Obviously, it is difficult to investigate the truth of the claim that persons are being arrested solely for the purpose of obtaining DNA samples where they would not be arrested in other circumstances, and indeed, such a claim has been denied by the Association of Chief Police Officers. However, the Chairman of the HGC, Professor Jonathan Montgomery, has admitted that there is some evidence to substantiate the allegation. Professor Montgomery has also suggested that the DNA database in the UK has suffered from “function creep” since its introduction in 1995, evolving from a database of offenders into a database of suspects. Liberty‘s director of policy Isabella Sankey has also observed the extent of the use currently being made of DNA databases and the manner in which policing decisions can be influenced:

Not only are we stockpiling the most sensitive information of innocents who have never been charged, let alone convicted, we are also creating a perverse incentive for officers to arrest the innocent.

The UK DNA database is the largest of its kind in the world and this is not the first time that it has been the subject of controversy and debate, although Professor Montgomery suggests that there has not been enough public or parliamentary debate on the issue.

Read more…

Guest Contribution: Daly Responds to Quinn on Lautsi and Parental Choice

November 6, 2009 3 comments

We are delighted to feature this short guest contribution from Eoin Daly, PhD student at the Law School at University College Cork. You can find out more about Eoin on the Guest Contributors page. Eoin has produced the following response to an article in the Irish Independent by David Quinn (left) entitled “The European Court of Human Rights is Part of an Agressive and Belligerent Drive towards secularism.” Rather than select quotations from Mr. Quinn’s article, we suggest that you read it in full before reading Eoin’s response.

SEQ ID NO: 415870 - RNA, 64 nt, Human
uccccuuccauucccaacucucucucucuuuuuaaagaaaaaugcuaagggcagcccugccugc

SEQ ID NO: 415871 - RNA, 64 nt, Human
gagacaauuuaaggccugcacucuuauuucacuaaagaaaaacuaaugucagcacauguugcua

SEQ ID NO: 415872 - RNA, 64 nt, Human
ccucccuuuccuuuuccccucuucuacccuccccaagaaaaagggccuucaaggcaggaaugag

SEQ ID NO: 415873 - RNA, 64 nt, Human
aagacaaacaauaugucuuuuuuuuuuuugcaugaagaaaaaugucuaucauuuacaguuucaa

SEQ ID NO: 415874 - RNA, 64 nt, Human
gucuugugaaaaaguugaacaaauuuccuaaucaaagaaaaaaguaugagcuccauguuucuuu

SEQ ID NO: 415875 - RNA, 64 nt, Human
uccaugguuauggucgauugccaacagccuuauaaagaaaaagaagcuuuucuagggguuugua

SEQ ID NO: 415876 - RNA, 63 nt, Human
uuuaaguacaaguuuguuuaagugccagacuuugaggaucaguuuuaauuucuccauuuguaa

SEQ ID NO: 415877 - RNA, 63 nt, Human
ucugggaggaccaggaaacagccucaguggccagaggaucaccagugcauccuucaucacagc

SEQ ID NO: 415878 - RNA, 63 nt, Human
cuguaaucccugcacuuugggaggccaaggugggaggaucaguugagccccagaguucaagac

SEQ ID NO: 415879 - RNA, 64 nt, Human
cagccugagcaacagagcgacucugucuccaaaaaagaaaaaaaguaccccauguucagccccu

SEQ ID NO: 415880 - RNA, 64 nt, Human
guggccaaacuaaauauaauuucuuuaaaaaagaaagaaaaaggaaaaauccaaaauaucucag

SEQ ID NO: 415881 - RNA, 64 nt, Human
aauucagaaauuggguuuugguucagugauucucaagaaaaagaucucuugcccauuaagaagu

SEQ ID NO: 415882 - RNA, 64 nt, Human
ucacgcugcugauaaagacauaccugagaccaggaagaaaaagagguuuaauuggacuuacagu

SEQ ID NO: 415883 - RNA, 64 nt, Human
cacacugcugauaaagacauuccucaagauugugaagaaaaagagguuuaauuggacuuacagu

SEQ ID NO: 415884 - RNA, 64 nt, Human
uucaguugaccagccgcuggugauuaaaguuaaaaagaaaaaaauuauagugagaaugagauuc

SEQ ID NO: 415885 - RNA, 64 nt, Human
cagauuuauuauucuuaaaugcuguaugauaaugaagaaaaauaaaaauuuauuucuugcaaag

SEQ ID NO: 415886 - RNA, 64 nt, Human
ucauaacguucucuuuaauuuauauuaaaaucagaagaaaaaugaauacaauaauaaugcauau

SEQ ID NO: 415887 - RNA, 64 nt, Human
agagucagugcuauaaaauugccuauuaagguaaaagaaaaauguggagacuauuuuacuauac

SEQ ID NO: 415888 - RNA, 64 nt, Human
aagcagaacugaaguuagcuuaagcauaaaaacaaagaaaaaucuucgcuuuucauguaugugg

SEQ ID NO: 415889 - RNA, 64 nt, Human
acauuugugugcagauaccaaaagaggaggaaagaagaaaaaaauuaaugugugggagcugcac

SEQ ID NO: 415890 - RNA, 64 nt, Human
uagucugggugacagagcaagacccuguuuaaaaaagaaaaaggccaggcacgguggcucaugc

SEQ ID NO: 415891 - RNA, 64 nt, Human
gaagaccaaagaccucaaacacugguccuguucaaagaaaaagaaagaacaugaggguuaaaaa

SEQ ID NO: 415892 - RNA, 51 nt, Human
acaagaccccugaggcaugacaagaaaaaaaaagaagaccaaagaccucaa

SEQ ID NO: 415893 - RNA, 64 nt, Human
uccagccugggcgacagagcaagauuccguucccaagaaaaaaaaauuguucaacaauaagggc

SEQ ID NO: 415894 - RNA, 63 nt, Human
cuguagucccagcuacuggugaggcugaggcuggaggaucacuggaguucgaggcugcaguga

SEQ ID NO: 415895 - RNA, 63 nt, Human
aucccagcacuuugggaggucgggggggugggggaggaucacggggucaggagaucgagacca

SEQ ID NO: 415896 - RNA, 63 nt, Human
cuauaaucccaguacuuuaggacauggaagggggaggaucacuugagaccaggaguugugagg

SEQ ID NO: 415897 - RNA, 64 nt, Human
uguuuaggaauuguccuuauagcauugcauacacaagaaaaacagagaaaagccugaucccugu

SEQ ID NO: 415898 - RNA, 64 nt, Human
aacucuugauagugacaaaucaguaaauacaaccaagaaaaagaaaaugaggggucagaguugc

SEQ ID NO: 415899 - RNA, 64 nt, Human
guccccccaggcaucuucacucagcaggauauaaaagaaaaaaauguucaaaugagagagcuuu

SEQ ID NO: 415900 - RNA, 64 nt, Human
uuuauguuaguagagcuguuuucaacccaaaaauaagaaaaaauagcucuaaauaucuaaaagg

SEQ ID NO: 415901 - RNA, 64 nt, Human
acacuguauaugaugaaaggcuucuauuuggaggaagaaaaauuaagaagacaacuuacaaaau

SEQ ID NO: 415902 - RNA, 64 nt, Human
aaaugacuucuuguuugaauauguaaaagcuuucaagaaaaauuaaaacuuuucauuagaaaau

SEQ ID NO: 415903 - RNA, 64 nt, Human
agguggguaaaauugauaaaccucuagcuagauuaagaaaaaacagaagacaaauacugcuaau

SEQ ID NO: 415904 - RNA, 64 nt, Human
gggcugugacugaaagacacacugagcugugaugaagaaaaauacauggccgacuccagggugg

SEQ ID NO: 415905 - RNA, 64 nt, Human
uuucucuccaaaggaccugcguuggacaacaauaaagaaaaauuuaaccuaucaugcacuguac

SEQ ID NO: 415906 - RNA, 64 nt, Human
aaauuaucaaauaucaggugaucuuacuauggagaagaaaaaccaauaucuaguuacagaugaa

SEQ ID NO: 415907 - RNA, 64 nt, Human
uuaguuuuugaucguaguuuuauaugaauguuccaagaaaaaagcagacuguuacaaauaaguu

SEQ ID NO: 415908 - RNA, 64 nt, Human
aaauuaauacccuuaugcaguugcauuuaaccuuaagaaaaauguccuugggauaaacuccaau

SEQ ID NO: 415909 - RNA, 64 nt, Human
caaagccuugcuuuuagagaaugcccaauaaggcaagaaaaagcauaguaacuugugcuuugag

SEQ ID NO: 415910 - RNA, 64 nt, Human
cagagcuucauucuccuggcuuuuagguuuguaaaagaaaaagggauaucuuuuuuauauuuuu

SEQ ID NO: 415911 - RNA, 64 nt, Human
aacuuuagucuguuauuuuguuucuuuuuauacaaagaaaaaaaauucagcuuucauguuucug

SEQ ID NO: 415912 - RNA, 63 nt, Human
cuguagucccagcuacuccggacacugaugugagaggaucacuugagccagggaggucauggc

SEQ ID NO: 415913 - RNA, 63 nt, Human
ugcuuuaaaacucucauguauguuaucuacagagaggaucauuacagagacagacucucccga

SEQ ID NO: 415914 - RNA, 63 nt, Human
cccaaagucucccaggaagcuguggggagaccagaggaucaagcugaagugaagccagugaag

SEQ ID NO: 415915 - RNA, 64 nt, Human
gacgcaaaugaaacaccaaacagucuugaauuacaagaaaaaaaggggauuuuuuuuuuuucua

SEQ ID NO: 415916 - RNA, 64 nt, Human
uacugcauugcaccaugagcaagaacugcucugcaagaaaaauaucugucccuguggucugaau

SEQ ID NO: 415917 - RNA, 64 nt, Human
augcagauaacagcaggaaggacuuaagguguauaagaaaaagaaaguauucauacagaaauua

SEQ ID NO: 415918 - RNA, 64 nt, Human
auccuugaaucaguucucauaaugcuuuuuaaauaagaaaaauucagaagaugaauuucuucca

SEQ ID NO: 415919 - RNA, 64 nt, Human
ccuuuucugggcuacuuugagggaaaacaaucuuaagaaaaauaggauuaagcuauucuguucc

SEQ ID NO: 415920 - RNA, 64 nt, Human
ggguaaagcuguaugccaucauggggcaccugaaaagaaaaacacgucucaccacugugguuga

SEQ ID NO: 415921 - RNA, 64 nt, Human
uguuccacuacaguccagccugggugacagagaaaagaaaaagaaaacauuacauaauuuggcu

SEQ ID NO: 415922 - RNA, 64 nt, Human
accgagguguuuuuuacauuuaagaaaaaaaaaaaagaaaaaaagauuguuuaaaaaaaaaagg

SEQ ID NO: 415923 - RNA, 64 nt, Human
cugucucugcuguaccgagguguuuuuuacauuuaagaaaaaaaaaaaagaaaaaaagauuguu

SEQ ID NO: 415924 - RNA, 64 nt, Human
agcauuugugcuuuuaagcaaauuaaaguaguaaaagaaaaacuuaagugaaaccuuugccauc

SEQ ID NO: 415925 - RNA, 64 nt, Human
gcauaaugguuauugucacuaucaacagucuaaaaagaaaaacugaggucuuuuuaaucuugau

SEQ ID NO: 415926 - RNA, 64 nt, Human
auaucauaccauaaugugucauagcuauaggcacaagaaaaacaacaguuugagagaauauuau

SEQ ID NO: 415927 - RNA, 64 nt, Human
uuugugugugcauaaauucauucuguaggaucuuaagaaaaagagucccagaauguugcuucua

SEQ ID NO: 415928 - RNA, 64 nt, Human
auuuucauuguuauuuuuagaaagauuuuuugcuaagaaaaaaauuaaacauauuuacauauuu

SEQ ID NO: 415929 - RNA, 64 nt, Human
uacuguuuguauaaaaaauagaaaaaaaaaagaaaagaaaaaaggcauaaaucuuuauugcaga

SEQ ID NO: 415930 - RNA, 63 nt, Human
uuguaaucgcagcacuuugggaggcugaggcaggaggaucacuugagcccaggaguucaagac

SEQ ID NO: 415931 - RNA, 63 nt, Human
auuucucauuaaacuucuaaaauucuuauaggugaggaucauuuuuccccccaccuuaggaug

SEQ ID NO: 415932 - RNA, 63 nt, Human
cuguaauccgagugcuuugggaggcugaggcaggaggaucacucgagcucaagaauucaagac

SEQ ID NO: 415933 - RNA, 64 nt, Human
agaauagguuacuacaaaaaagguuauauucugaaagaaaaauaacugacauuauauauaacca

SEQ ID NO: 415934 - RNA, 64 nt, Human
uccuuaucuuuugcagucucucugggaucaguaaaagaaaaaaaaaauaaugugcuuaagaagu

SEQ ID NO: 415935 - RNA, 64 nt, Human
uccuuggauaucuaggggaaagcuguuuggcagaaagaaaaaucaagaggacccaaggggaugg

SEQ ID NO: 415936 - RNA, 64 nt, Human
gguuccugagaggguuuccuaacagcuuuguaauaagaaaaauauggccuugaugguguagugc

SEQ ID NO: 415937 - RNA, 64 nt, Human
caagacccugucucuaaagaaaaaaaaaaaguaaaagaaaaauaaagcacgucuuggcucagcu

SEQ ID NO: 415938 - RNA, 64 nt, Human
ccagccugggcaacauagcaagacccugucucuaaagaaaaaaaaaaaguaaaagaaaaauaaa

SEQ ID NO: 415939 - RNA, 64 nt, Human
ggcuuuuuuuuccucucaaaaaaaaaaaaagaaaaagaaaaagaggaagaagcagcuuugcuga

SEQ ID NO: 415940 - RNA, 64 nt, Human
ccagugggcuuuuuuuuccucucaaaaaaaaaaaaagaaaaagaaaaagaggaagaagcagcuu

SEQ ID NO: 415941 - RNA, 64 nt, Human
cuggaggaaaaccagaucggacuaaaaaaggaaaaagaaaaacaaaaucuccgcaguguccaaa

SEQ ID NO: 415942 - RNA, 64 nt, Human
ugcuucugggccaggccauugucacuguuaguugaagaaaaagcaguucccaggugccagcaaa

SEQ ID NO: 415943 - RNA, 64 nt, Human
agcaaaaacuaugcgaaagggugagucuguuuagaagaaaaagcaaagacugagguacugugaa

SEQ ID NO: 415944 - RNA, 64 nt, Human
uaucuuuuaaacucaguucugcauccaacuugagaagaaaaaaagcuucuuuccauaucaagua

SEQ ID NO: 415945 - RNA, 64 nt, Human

Perhaps David Quinn should properly read the Lautsi decision and the associated jurisprudence before engaging in such strident commentary as he did in today’s Independent. The ECtHR’s recent ruling in APPEL-IRRGANG c. Allemagne, for example, suggests that persons do not have a right to be protected from exposure to religious beliefs as such in schools. In Lautsi, the court has merely found that the State may not provide public education through schools which privilege a particular religious viewpoint, in such a manner as does not respect the inevitable plurality of beliefs within a democratic society.

I frankly do not see how the imperative of “choice” requires that any particular belief be exalted or privileged within a publicly-funded school. If there is a “right” to the sort of “choice” Mr. Quinn relies on, how is it to be extended to all? Or does Mr. Quinn suggests that the exercise of this “right” is confined to what happen to be the most prevalent denominations in a particular state?

It is time that Mr. Quinn dispensed with this ill-placed “choice” rhetoric. He suggests, in today’s column and elsewhere, that while “choice” does not prevent the State from propagating beliefs systems contrary to beliefs of parents such as Ms Lautsi within schools, it somehow requires a positive imperative of support for the beliefs of other parents. This is manifestly ill-founded in common sense as well as any viable democratic theory. Clearly, the absence of interference with parents’ religious and moral education of their children must take priority over any positive assistance the State might give in helping parents to transmit these beliefs. The state cannot seek to buttress or exalt the choice of some to a greater extent than is necessary and in doing so, deny the legitimate choices of others.